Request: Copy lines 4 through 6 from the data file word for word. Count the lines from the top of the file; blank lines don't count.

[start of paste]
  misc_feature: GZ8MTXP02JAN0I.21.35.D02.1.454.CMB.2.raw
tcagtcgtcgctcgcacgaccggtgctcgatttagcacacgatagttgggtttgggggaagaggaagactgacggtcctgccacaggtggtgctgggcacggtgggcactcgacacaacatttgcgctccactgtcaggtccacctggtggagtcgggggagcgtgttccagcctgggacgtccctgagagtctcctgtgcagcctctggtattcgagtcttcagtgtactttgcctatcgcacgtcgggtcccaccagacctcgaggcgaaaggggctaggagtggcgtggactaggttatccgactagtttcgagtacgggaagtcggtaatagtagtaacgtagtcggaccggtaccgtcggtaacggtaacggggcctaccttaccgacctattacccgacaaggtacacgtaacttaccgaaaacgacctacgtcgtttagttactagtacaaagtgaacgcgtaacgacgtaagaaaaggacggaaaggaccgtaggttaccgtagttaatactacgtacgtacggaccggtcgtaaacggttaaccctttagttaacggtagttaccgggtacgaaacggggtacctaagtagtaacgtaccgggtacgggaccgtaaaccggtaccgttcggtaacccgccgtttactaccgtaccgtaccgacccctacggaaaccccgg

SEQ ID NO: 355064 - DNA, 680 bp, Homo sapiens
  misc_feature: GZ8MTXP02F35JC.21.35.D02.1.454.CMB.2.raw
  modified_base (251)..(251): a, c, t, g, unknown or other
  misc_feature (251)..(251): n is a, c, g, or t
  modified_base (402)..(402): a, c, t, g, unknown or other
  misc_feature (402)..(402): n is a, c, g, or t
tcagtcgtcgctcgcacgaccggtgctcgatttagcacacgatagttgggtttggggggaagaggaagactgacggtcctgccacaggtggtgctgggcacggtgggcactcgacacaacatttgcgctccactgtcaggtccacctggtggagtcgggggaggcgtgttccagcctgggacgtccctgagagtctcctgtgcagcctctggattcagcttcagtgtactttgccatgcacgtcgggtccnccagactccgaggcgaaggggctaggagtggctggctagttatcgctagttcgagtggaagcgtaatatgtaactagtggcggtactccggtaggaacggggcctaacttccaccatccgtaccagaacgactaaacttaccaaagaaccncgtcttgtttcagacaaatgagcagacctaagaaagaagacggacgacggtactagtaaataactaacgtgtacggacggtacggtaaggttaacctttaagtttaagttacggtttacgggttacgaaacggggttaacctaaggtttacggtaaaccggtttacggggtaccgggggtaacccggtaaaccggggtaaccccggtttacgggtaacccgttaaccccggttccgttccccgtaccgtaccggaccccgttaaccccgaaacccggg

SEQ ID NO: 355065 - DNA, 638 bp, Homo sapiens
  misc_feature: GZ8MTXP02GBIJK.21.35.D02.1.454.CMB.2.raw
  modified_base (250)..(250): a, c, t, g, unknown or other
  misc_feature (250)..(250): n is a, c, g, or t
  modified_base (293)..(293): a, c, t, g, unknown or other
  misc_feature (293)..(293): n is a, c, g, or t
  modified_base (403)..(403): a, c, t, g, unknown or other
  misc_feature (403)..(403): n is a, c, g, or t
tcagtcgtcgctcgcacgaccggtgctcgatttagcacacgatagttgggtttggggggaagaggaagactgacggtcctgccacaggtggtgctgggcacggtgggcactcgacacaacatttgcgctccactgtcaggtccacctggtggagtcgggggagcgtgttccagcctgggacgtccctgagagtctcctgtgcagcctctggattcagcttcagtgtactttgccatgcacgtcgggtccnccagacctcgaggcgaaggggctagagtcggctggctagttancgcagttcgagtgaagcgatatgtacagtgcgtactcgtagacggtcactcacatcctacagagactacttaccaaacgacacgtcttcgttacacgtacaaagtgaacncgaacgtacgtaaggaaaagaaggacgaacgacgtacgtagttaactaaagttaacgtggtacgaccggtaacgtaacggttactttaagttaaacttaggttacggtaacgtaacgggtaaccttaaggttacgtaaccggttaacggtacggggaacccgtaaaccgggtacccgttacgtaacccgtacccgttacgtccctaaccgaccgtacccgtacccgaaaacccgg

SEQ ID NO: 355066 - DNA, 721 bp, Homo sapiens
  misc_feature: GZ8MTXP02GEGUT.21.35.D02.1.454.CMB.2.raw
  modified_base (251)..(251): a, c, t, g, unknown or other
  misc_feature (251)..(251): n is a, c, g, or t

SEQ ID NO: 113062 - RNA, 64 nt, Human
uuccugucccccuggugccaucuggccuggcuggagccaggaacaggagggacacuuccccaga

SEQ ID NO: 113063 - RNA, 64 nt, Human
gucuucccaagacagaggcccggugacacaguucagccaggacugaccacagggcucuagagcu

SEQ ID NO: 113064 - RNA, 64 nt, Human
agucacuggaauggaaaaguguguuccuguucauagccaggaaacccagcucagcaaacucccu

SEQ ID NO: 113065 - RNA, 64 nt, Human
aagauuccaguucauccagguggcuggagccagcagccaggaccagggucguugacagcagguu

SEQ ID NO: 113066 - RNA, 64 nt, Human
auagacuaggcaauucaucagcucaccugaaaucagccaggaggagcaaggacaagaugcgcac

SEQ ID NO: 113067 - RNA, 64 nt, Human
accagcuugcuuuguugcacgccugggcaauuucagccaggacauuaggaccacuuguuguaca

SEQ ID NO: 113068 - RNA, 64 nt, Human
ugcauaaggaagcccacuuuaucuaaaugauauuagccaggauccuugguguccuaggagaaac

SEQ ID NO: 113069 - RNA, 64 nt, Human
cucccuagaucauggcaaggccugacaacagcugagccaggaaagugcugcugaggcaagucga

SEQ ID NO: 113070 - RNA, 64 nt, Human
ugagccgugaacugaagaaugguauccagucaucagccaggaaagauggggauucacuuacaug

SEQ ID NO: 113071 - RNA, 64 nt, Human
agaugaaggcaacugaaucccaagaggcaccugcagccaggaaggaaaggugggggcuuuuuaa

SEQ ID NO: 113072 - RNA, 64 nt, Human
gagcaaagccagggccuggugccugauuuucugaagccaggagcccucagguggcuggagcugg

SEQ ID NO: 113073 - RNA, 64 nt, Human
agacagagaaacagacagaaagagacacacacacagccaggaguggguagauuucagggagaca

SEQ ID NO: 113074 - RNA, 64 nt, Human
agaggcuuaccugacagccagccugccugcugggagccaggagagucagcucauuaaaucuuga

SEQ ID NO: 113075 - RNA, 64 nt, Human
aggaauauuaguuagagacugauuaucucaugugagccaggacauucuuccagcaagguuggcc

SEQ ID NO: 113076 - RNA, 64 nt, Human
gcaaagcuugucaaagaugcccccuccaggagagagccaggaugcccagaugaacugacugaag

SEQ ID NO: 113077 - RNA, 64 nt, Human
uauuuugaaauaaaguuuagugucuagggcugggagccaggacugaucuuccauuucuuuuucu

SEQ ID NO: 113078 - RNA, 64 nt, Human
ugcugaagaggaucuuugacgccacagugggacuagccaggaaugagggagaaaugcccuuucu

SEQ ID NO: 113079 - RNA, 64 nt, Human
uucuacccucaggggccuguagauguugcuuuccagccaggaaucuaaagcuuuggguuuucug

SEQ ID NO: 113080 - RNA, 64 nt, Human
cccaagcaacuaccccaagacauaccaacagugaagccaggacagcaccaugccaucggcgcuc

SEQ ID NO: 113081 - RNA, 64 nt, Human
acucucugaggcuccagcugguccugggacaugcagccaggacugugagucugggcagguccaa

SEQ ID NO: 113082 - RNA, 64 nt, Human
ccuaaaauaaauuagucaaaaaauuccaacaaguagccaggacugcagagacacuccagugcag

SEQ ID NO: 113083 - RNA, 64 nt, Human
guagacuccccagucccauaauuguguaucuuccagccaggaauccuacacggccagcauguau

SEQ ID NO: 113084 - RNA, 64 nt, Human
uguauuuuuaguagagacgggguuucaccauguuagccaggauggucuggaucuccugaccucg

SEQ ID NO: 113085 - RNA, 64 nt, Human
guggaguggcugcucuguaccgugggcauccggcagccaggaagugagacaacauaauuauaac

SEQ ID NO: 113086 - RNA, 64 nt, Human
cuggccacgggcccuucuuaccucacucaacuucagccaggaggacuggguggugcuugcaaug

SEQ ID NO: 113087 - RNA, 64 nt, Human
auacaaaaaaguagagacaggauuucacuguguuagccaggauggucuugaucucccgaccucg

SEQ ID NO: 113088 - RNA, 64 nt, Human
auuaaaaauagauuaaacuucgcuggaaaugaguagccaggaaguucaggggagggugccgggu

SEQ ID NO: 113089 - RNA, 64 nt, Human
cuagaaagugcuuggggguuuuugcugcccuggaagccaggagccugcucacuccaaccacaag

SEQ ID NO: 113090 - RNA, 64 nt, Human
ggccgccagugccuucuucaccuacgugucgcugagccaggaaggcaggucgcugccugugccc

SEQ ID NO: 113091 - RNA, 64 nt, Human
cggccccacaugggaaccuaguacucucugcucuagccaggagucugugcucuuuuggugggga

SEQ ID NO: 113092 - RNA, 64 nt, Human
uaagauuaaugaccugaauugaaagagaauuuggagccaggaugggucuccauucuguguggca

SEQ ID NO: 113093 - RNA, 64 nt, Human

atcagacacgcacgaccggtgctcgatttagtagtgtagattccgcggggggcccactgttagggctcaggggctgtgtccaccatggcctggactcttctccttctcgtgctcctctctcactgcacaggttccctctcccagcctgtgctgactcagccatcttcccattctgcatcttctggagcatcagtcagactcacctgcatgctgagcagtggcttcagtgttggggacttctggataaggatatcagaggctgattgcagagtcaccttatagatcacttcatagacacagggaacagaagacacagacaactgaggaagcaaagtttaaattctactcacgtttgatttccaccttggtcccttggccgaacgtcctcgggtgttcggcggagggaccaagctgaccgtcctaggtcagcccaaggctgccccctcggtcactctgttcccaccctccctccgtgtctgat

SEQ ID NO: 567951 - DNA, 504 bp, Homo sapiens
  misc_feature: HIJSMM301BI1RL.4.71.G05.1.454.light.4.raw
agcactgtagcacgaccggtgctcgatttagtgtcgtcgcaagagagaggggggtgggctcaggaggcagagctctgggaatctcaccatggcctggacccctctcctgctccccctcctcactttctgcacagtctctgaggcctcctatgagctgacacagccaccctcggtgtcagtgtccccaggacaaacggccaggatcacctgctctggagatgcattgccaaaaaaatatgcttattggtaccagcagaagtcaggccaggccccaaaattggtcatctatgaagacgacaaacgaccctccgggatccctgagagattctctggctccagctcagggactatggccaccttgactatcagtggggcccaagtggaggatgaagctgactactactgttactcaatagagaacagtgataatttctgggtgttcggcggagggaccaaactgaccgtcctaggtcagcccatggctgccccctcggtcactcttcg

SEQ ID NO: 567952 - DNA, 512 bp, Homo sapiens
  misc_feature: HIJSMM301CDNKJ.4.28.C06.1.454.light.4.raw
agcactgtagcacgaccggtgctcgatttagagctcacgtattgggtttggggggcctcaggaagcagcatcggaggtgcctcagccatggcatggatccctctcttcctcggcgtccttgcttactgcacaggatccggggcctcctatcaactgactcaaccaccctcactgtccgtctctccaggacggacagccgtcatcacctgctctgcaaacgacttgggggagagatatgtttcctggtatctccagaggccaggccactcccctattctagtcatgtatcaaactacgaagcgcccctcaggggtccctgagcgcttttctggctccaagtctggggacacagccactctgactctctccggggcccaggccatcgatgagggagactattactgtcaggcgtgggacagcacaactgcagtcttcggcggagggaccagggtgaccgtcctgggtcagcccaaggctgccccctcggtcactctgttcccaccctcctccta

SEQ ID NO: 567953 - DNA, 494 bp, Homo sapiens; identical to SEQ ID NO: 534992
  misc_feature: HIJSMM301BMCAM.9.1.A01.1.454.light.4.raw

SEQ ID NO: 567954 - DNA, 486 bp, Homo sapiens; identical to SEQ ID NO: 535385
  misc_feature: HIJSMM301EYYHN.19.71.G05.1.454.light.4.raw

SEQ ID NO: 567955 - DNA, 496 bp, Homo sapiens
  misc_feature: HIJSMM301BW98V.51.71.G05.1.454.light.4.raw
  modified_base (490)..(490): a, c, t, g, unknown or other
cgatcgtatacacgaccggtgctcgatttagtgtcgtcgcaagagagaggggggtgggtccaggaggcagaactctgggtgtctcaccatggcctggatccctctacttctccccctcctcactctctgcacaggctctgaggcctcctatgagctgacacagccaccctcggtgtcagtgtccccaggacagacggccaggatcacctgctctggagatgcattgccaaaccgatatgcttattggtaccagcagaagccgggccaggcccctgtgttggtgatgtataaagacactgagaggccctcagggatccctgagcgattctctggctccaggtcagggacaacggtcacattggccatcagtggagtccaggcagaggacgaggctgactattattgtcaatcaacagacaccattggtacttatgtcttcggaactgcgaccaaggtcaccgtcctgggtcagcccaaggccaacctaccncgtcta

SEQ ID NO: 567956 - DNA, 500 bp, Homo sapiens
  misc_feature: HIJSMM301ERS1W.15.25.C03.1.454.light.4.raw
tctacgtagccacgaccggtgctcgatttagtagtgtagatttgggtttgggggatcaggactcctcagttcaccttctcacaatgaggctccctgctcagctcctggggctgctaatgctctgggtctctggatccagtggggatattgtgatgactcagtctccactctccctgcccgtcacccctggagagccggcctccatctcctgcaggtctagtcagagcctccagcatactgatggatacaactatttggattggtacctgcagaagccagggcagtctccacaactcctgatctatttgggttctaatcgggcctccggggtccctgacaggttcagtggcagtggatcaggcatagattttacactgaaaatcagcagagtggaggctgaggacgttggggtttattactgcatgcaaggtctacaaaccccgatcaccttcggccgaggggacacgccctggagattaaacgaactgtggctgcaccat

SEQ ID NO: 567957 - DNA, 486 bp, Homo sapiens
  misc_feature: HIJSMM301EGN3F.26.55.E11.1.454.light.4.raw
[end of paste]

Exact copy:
  misc_feature: GZ8MTXP02F35JC.21.35.D02.1.454.CMB.2.raw
  modified_base (251)..(251): a, c, t, g, unknown or other
  misc_feature (251)..(251): n is a, c, g, or t